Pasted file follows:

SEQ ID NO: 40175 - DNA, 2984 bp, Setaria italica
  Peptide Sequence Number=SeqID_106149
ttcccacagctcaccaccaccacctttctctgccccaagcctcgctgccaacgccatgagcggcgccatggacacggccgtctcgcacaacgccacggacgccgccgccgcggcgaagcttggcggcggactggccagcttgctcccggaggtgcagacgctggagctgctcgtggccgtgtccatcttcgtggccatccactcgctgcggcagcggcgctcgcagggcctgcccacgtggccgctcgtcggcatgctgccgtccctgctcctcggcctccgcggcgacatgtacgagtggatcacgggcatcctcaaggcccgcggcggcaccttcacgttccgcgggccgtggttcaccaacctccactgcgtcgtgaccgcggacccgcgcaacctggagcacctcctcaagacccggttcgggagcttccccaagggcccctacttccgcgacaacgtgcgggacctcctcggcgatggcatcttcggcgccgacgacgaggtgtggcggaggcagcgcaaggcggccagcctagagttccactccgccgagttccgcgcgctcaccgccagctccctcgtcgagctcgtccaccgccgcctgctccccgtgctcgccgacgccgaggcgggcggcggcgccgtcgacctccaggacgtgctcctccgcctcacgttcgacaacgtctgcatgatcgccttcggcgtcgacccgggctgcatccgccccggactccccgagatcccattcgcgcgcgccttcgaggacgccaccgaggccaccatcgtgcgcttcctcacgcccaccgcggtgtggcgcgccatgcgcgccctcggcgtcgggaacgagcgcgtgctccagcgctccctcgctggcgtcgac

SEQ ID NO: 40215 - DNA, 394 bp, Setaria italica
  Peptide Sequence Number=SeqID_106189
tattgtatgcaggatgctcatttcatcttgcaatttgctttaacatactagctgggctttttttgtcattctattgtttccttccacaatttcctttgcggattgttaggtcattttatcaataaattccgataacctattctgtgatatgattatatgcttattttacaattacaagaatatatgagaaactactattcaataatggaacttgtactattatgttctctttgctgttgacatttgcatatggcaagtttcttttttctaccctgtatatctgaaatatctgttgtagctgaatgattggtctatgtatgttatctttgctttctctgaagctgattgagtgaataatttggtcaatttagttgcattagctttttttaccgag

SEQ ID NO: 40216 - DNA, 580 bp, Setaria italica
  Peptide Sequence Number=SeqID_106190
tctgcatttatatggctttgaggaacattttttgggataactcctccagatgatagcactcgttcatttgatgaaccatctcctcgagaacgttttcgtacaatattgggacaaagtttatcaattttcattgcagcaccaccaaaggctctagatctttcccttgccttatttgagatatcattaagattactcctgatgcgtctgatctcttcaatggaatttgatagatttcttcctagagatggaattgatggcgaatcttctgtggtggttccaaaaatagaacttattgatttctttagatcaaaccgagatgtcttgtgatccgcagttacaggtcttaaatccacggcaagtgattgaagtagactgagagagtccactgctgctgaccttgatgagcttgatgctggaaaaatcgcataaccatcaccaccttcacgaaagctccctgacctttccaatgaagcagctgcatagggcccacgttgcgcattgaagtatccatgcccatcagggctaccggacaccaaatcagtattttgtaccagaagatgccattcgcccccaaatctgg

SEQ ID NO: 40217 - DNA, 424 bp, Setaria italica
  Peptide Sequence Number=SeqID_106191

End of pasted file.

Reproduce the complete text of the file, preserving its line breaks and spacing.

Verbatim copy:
SEQ ID NO: 40175 - DNA, 2984 bp, Setaria italica
  Peptide Sequence Number=SeqID_106149
ttcccacagctcaccaccaccacctttctctgccccaagcctcgctgccaacgccatgagcggcgccatggacacggccgtctcgcacaacgccacggacgccgccgccgcggcgaagcttggcggcggactggccagcttgctcccggaggtgcagacgctggagctgctcgtggccgtgtccatcttcgtggccatccactcgctgcggcagcggcgctcgcagggcctgcccacgtggccgctcgtcggcatgctgccgtccctgctcctcggcctccgcggcgacatgtacgagtggatcacgggcatcctcaaggcccgcggcggcaccttcacgttccgcgggccgtggttcaccaacctccactgcgtcgtgaccgcggacccgcgcaacctggagcacctcctcaagacccggttcgggagcttccccaagggcccctacttccgcgacaacgtgcgggacctcctcggcgatggcatcttcggcgccgacgacgaggtgtggcggaggcagcgcaaggcggccagcctagagttccactccgccgagttccgcgcgctcaccgccagctccctcgtcgagctcgtccaccgccgcctgctccccgtgctcgccgacgccgaggcgggcggcggcgccgtcgacctccaggacgtgctcctccgcctcacgttcgacaacgtctgcatgatcgccttcggcgtcgacccgggctgcatccgccccggactccccgagatcccattcgcgcgcgccttcgaggacgccaccgaggccaccatcgtgcgcttcctcacgcccaccgcggtgtggcgcgccatgcgcgccctcggcgtcgggaacgagcgcgtgctccagcgctccctcgctggcgtcgac

SEQ ID NO: 40215 - DNA, 394 bp, Setaria italica
  Peptide Sequence Number=SeqID_106189
tattgtatgcaggatgctcatttcatcttgcaatttgctttaacatactagctgggctttttttgtcattctattgtttccttccacaatttcctttgcggattgttaggtcattttatcaataaattccgataacctattctgtgatatgattatatgcttattttacaattacaagaatatatgagaaactactattcaataatggaacttgtactattatgttctctttgctgttgacatttgcatatggcaagtttcttttttctaccctgtatatctgaaatatctgttgtagctgaatgattggtctatgtatgttatctttgctttctctgaagctgattgagtgaataatttggtcaatttagttgcattagctttttttaccgag

SEQ ID NO: 40216 - DNA, 580 bp, Setaria italica
  Peptide Sequence Number=SeqID_106190
tctgcatttatatggctttgaggaacattttttgggataactcctccagatgatagcactcgttcatttgatgaaccatctcctcgagaacgttttcgtacaatattgggacaaagtttatcaattttcattgcagcaccaccaaaggctctagatctttcccttgccttatttgagatatcattaagattactcctgatgcgtctgatctcttcaatggaatttgatagatttcttcctagagatggaattgatggcgaatcttctgtggtggttccaaaaatagaacttattgatttctttagatcaaaccgagatgtcttgtgatccgcagttacaggtcttaaatccacggcaagtgattgaagtagactgagagagtccactgctgctgaccttgatgagcttgatgctggaaaaatcgcataaccatcaccaccttcacgaaagctccctgacctttccaatgaagcagctgcatagggcccacgttgcgcattgaagtatccatgcccatcagggctaccggacaccaaatcagtattttgtaccagaagatgccattcgcccccaaatctgg

SEQ ID NO: 40217 - DNA, 424 bp, Setaria italica
  Peptide Sequence Number=SeqID_106191